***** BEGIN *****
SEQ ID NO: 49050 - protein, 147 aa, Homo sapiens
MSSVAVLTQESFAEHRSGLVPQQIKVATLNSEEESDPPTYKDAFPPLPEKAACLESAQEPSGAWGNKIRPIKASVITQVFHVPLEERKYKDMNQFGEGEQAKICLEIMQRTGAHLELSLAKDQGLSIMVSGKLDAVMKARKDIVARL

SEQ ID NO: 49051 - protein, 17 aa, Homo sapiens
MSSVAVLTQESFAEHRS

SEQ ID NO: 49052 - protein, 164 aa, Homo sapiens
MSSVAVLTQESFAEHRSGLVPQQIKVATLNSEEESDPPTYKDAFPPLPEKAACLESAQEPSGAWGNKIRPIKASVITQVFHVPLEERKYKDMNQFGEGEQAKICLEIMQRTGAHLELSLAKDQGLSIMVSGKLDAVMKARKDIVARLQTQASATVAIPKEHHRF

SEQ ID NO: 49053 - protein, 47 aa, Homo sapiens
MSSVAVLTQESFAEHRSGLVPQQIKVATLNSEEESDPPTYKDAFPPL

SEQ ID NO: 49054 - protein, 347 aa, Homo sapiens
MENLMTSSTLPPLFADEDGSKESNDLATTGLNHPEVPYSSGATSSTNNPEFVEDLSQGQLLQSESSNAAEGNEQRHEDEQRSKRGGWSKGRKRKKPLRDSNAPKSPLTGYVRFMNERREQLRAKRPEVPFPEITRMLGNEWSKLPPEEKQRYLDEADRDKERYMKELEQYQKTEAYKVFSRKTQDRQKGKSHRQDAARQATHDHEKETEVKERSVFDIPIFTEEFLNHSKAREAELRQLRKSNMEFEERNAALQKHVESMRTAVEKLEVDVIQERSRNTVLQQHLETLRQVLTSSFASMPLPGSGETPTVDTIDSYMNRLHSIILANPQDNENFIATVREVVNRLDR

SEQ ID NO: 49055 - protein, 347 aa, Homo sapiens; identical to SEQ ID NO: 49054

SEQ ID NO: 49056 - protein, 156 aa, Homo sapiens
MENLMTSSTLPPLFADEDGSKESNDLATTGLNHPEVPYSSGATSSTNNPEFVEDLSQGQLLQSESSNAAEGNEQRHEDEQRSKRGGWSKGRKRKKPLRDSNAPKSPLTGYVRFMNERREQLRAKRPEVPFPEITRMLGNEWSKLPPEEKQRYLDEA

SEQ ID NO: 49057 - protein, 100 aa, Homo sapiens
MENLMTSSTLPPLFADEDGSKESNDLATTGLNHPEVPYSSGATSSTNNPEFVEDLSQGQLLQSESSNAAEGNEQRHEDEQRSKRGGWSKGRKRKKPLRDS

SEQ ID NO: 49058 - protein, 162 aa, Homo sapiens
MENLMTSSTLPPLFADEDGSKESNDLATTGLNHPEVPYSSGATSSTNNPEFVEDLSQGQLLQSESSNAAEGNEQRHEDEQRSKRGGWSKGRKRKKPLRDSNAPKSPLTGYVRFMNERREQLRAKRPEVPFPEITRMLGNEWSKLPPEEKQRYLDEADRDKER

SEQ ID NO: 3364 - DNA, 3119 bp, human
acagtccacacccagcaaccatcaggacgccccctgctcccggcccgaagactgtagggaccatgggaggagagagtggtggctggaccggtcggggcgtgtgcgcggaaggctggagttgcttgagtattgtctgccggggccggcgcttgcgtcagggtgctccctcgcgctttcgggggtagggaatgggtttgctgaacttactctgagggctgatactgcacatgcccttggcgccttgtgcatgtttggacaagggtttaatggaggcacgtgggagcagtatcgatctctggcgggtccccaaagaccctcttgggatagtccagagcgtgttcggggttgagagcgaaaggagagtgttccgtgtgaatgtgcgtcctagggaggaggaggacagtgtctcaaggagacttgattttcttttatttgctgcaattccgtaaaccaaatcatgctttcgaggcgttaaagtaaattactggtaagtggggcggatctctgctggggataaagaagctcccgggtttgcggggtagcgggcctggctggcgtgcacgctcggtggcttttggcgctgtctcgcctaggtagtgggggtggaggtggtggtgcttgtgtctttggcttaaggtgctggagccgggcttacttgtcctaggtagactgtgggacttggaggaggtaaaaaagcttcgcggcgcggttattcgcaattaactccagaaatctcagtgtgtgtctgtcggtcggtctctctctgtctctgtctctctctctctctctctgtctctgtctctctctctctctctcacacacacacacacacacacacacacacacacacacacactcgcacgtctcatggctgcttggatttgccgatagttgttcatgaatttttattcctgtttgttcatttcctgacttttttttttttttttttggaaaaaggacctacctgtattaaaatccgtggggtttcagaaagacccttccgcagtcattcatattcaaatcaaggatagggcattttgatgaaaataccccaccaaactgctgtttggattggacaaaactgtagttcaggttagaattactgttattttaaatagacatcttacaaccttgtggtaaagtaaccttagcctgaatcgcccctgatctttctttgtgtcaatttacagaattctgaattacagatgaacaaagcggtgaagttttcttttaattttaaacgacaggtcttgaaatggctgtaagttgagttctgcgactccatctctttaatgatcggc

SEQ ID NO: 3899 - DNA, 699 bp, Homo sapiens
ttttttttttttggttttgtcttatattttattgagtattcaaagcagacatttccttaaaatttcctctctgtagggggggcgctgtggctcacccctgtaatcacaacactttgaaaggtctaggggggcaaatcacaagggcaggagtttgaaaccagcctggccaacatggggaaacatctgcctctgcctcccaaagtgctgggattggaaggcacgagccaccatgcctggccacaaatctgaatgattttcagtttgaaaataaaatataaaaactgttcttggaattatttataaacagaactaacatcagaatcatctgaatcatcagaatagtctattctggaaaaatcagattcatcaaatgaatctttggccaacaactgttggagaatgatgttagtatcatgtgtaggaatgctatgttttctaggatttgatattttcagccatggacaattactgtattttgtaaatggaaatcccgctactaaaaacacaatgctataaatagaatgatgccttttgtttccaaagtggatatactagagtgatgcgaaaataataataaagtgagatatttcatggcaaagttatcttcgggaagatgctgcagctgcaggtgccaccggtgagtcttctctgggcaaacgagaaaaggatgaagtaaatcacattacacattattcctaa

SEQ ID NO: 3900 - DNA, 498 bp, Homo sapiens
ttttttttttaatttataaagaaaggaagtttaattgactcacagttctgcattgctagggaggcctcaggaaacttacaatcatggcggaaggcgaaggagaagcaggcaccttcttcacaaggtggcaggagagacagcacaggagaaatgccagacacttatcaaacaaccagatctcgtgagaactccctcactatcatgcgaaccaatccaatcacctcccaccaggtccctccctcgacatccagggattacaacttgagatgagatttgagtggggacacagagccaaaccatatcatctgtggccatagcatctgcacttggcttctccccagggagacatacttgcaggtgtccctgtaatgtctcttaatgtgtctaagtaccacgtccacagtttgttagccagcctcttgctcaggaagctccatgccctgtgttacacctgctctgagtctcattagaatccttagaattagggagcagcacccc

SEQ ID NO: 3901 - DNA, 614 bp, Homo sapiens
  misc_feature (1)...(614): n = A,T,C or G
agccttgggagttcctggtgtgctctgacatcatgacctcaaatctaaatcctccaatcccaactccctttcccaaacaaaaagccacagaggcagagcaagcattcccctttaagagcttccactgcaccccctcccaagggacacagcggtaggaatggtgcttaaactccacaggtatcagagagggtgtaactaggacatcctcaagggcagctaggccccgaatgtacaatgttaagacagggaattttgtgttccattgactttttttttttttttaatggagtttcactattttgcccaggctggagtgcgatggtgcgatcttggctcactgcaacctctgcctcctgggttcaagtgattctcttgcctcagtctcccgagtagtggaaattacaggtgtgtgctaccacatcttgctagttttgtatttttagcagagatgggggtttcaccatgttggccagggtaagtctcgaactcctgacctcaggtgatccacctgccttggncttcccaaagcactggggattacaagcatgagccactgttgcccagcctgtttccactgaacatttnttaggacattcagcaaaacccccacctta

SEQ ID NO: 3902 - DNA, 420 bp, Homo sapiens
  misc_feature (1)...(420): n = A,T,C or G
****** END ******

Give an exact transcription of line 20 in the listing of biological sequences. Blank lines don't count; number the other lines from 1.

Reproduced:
SEQ ID NO: 3899 - DNA, 699 bp, Homo sapiens